Background: Prognostication after an out-of-hospital cardiac arrest (OHCA) remains a challenge. The peripheral-derived perfusion index (PI) is a simple and non-invasive way to assess perfusion. We sought to assess whether the PI was able to discriminate the prognosis of patients resuscitated from an OHCA. Methods: All the reports generated by the manual monitor/defibrillator (Corpuls 3 by GS Elektromedizinische Geräte G. Stemple GmbH, Germany) used for all the OHCAs who achieved ROSC treated by our Emergency Medical Service from January 2015 to December 2018 were reviewed. The mean PI value of each minute after ROSC was automatically provided by the device and the mean value of 30 min of monitoring (MPI30) was calculated. Pre-hospital data were collected according to the Utstein 2014 recommendations. Results: Among 1,909 resuscitation attempts, ROSC was achieved in 346 and it was possible to calculate an MPI30 in 164. MPI30 was higher in the patients who survived at 30 days [1.6 (95% CI 1.2–2.1) vs 1 (95% CI 0.8–1.3), p = 0.0017]. At the multivariable Cox regression model, after correction for shockable rhythm, witnessed status, bystander CPR, age, and blood pressure, MPI30 was found to be an independent predictor of both 30-day mortality [RR 0.83 (95% CI 0.69–0.99), p = 0.036] and 30-day mortality or poor neurologic outcome [RR 0.85 (95% CI 0.72–0.99), p = 0.04]. Overall 30-day survival with good neurologic outcome was significantly different in the three tertiles [T1: 0.1–0.8; T2: 0.9–1.8 and T3: 1.82–7.8, log-rank p = 0.007]. Conclusion: The post-ROSC peripheral perfusion index was found to be an independent predictor of 30-day mortality or poor neurologic outcome. It could help prognostication in OHCA patients.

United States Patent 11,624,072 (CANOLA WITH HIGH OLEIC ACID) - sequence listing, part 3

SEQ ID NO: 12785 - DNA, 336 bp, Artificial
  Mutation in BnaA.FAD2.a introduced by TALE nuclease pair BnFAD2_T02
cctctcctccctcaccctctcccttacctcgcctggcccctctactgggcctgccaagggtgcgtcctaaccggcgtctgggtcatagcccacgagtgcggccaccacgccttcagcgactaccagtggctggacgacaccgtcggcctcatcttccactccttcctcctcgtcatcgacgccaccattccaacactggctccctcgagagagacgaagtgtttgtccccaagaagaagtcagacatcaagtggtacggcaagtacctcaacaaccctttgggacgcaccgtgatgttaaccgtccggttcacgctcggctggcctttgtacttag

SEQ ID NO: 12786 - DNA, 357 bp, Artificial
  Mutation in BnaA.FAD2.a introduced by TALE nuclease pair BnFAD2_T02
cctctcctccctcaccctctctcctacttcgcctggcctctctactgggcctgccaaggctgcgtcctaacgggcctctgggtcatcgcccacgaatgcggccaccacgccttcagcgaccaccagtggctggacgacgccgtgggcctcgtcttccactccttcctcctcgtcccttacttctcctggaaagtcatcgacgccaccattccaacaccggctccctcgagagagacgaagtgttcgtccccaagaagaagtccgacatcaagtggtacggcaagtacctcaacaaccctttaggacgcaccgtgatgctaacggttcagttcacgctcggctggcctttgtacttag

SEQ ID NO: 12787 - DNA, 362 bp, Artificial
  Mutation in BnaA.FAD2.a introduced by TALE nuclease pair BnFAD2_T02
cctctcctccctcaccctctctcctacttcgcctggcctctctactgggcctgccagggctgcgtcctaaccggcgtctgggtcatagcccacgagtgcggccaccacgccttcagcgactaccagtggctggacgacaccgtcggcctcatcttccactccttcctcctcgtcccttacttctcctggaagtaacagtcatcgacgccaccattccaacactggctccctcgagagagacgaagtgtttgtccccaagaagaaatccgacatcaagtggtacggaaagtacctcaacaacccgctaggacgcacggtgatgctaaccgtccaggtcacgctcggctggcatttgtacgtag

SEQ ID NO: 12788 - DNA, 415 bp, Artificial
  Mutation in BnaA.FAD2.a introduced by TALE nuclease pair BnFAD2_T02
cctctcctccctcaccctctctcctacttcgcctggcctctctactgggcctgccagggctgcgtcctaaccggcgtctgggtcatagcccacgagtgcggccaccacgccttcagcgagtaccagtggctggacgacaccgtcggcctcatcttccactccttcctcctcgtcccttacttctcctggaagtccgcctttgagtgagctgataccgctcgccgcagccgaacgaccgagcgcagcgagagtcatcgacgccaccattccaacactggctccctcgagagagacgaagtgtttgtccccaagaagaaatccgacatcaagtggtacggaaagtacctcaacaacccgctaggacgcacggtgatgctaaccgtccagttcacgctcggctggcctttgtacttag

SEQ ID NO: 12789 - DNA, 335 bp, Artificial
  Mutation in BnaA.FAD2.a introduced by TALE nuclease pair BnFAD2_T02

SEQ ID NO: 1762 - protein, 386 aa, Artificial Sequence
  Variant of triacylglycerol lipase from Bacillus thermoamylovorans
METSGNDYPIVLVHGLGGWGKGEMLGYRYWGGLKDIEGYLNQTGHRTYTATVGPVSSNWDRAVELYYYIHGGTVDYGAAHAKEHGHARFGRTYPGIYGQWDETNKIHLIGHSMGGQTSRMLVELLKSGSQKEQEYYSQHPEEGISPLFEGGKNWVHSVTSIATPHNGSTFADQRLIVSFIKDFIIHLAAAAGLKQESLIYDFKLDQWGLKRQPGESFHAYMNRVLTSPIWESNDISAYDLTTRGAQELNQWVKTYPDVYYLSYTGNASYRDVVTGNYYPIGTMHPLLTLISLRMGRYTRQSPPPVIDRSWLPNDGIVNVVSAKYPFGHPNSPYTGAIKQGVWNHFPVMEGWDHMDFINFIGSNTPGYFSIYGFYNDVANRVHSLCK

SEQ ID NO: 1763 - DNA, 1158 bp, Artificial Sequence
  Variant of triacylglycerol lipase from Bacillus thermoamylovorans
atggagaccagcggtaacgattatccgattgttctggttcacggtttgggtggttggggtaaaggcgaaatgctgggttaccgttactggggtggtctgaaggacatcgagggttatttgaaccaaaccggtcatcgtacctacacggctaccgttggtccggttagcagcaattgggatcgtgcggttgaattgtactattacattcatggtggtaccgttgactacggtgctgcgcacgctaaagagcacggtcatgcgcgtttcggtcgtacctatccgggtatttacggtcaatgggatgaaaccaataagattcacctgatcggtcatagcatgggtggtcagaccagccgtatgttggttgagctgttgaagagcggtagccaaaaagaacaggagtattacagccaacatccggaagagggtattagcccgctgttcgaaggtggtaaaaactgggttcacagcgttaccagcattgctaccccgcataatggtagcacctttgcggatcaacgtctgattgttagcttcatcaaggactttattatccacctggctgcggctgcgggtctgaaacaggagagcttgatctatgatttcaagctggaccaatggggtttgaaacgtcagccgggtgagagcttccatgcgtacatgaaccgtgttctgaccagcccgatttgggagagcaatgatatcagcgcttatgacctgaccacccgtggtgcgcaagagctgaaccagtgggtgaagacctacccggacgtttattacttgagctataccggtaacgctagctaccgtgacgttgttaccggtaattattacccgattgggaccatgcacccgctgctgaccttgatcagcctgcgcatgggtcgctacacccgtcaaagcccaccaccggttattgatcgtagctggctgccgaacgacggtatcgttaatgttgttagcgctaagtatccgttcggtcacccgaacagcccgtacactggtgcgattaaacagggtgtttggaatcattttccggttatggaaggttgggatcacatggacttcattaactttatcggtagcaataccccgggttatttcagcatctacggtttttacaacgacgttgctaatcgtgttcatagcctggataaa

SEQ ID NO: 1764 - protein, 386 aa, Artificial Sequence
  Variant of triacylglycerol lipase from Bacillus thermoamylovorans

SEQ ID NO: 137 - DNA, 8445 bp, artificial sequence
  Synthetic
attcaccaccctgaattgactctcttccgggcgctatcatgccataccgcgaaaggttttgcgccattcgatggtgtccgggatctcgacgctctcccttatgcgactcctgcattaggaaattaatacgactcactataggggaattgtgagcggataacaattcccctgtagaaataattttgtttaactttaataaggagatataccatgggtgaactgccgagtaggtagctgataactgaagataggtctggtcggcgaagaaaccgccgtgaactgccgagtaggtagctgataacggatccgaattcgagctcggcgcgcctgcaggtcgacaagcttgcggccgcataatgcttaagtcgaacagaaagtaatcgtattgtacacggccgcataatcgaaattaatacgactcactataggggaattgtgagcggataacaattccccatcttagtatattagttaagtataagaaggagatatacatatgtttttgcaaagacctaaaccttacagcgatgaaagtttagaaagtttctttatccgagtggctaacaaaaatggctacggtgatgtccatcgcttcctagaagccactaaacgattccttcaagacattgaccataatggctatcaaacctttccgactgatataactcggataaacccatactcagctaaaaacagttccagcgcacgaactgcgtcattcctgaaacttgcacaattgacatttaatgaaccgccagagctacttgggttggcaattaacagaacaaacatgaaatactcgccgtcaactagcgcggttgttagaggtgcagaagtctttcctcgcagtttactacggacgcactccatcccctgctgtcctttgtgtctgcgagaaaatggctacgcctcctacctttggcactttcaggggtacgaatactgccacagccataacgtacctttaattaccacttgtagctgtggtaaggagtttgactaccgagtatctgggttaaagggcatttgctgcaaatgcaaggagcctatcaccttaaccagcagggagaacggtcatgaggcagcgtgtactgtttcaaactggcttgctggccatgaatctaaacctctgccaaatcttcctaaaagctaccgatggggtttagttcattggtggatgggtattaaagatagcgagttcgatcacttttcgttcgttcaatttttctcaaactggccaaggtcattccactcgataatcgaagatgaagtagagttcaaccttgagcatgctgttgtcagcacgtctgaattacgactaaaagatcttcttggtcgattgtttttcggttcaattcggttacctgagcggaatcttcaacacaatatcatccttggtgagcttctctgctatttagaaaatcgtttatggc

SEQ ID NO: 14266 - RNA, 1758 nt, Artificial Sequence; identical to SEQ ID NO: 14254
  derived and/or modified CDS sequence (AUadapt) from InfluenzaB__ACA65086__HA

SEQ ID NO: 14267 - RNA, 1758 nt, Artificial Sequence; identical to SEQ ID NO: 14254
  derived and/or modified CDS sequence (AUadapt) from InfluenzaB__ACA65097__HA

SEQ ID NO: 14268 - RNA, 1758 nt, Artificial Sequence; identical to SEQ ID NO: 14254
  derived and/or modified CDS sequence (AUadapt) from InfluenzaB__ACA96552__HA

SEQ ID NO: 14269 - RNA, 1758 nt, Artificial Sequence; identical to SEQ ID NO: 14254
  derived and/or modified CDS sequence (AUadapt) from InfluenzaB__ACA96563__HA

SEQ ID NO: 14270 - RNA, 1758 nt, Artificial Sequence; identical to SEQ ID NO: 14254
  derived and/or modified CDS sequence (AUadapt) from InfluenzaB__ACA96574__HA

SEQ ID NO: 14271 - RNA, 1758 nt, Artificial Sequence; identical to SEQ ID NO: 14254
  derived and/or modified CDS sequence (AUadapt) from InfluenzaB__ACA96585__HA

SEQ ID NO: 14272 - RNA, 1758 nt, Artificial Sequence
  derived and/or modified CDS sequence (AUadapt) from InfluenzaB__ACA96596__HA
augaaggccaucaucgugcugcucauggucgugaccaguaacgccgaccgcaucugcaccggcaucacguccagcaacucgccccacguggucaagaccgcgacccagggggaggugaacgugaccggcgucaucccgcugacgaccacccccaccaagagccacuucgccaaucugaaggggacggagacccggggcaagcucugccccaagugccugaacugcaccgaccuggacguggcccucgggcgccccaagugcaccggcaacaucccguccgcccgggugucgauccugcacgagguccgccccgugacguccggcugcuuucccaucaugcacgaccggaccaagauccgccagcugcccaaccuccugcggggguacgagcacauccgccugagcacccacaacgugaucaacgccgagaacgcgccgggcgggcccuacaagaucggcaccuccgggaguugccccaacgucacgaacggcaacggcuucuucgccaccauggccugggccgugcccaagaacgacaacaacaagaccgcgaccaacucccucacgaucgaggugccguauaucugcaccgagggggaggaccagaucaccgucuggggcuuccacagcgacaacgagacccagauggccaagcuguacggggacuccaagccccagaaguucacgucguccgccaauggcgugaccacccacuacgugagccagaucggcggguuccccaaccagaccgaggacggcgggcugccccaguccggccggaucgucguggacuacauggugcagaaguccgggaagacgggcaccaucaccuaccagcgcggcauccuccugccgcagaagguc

- Out-of-hospital cardiac arrest
- Perfusion index
ASJC Scopus subject areas
- Internal Medicine
- Emergency Medicine